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Anne’s Fight Like a Girl Story (Mitochondrial Disease)

Anne's Story (Mitochondrial Disease)Looking back my symptoms were coming on slowly. But after I became ill with mononucleosis at the age of 40, I’ve never recovered. After several years of no real answers from my family practitioner or neurologist, I made myself an appointment at the Mayo Clinic in Minnesota.

There through a random blood test, a rare genetic disease called Glutaric Acidemia Type 2 was discovered. My life as I knew it has ended. I went from being supermom, to someone who lays on the couch most days. If I do have to go somewhere, I rest up ahead of time, and will definitely need time after to recuperate. I’m now 47. I have a cardiologist, a gastroenterologist, a neurologist, and an endocrinologist on my “team.”

My future is unknown…this is a fairly new found disorder and they are learning more every day. I would like to say that my family practitioner first told me I had “fibromyalgia,” which I believe is a misused diagnosis when doctors really don’t know what’s wrong with you. I encourage others to reach out to specialists, don’t necessarily accept one doctor’s opinion on what’s wrong with you. Whew, I need a nap now….

Submitted 08/28/2013

The informational content of this article is intended to convey a personal experience and, because every person’s experience is unique, should not be relied upon as a substitute for professional healthcare advice.

This article is intended to convey general educational information and should not be relied upon as a substitute for professional healthcare advice.


  1. Amanda Cameron


    I am a student at the University of Georgia and I also have mitochondrial disease. I realize this was posted a few months ago, but I wanted to reach out. I work for an organization called the Foundation of Mitochondrial Medicine. The organization I work for is looking to reach out to people and organizations to raise awareness to diseases like mitochondrial and related diseases.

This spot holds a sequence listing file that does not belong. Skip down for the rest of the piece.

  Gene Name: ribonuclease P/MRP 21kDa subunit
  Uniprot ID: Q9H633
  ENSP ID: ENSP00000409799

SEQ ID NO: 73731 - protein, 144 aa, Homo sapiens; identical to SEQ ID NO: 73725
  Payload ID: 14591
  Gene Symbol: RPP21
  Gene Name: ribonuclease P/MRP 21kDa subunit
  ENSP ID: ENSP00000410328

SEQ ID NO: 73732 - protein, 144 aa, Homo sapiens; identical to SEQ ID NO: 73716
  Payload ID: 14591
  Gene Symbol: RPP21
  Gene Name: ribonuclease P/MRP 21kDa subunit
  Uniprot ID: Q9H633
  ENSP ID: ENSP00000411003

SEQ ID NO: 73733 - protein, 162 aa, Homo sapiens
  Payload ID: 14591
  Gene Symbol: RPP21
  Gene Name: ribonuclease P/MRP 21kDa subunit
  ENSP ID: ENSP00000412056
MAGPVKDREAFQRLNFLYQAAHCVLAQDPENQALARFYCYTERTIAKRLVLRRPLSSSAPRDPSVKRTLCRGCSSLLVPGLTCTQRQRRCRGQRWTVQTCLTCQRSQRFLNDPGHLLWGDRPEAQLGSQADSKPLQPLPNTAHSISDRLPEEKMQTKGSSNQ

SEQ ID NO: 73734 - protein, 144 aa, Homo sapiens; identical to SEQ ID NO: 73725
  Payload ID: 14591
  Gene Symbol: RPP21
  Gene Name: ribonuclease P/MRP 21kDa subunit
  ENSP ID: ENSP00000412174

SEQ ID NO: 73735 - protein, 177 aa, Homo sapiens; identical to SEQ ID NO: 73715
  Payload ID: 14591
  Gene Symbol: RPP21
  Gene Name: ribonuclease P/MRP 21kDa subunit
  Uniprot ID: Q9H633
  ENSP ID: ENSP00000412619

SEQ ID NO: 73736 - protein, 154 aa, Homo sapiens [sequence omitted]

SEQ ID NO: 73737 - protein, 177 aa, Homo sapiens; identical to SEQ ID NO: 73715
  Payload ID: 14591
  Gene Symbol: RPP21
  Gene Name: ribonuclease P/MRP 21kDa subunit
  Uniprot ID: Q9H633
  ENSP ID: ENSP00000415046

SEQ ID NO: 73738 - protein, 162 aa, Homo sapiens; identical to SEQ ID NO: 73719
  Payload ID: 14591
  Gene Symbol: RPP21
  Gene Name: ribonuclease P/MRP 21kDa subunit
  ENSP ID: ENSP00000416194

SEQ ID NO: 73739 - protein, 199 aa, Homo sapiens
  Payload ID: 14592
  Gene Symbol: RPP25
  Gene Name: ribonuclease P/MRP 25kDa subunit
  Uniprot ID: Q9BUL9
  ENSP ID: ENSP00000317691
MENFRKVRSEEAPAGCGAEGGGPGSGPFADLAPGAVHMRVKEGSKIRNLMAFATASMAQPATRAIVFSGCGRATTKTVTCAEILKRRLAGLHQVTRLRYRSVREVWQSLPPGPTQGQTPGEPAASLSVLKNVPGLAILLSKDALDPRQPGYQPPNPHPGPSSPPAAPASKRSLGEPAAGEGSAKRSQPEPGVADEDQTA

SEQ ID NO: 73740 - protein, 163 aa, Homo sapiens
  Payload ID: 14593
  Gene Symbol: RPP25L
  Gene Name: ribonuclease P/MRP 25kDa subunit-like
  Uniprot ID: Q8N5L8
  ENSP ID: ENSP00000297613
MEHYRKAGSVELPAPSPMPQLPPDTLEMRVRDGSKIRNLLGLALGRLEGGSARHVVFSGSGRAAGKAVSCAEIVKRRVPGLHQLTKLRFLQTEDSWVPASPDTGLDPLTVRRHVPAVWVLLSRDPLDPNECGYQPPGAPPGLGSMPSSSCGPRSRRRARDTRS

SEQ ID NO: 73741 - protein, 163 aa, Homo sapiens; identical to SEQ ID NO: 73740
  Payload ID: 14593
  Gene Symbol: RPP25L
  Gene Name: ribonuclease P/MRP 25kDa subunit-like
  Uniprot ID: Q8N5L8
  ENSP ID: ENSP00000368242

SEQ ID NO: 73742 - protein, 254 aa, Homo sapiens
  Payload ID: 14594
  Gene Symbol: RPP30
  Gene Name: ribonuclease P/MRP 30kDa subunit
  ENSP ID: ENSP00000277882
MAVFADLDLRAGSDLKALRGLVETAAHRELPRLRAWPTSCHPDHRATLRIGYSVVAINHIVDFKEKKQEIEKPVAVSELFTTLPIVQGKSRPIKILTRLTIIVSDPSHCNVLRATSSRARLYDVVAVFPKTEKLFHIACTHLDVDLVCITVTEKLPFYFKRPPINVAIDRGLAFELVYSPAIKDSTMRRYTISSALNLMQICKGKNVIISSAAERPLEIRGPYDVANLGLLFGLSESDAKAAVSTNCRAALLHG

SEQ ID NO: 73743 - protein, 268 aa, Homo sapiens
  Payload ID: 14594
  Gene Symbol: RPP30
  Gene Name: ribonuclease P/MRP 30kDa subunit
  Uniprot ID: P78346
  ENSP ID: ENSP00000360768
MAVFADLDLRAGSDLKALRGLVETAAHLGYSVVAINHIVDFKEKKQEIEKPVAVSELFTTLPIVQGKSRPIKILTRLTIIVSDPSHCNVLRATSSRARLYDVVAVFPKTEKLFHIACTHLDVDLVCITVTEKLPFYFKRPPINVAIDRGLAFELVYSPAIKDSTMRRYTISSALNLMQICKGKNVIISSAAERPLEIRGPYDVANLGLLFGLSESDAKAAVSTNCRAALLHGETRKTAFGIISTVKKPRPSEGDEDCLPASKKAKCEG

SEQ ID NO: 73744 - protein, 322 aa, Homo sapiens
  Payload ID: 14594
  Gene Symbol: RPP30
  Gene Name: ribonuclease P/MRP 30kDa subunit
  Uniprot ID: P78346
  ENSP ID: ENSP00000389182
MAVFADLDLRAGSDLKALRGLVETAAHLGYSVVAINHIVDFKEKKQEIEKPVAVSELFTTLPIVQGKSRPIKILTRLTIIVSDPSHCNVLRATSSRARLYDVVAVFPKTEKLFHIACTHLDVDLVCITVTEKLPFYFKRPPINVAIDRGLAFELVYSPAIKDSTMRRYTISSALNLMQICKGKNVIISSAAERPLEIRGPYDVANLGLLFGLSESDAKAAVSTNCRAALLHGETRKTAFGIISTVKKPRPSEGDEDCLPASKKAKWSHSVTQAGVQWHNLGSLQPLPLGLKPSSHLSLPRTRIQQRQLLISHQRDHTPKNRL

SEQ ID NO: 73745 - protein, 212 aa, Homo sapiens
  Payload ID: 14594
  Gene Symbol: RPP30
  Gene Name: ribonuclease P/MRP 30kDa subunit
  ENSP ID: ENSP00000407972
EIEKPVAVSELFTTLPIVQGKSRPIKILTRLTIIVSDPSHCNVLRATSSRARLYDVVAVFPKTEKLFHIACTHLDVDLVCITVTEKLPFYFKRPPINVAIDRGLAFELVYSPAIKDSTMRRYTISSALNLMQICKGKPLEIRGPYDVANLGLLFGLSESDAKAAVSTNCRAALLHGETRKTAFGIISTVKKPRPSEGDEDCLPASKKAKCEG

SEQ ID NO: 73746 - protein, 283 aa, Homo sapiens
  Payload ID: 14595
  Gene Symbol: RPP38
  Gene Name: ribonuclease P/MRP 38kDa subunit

I emphasize with your situation as I experienced similar feelings with my own form of mitochondrial disease. It took me three years and 13 doctors to get diagnosed. I mostly manage my disease now with diet and exercise. I share your frustration with the lack of knowledge and treatment options for this disease.

    Don’t hesitate to reach out to me!

    Thanks for your time,

    Amanda Cameron

  2. Amanda Cameron

    My email is

  3. Diane McLellan

    Hi, I just found this site by accident, but wanted to share my similar story with you. I was diagnosed in 2006, at the age of 52, after a muscle biopsy. My symptoms too had been coming on slowly over several years and I attributed them to gaining weight, being out of shape and long hours at work. Looking back I think my symptoms started shortly after I was diagnosed with breast cancer. It took me a long time to accept this disease. I was frustrated, resentful and in denial – more than I was when I was diagnosed with cancer. But, now I have accepted it as “real” and take things one day at a time. I do get frustrated with the dr. appts. between the neurologist, physical medicine & rehab, cardiologist, gastroenterologist, and urologist they keep you busy and I’d much rather spend my time doing something else. But, it is what it is. I don’t know what the future holds, only God does. But, from what I’ve been told I have a pretty good idea. So, everyday I’m thankful I’m doing as well as I am.

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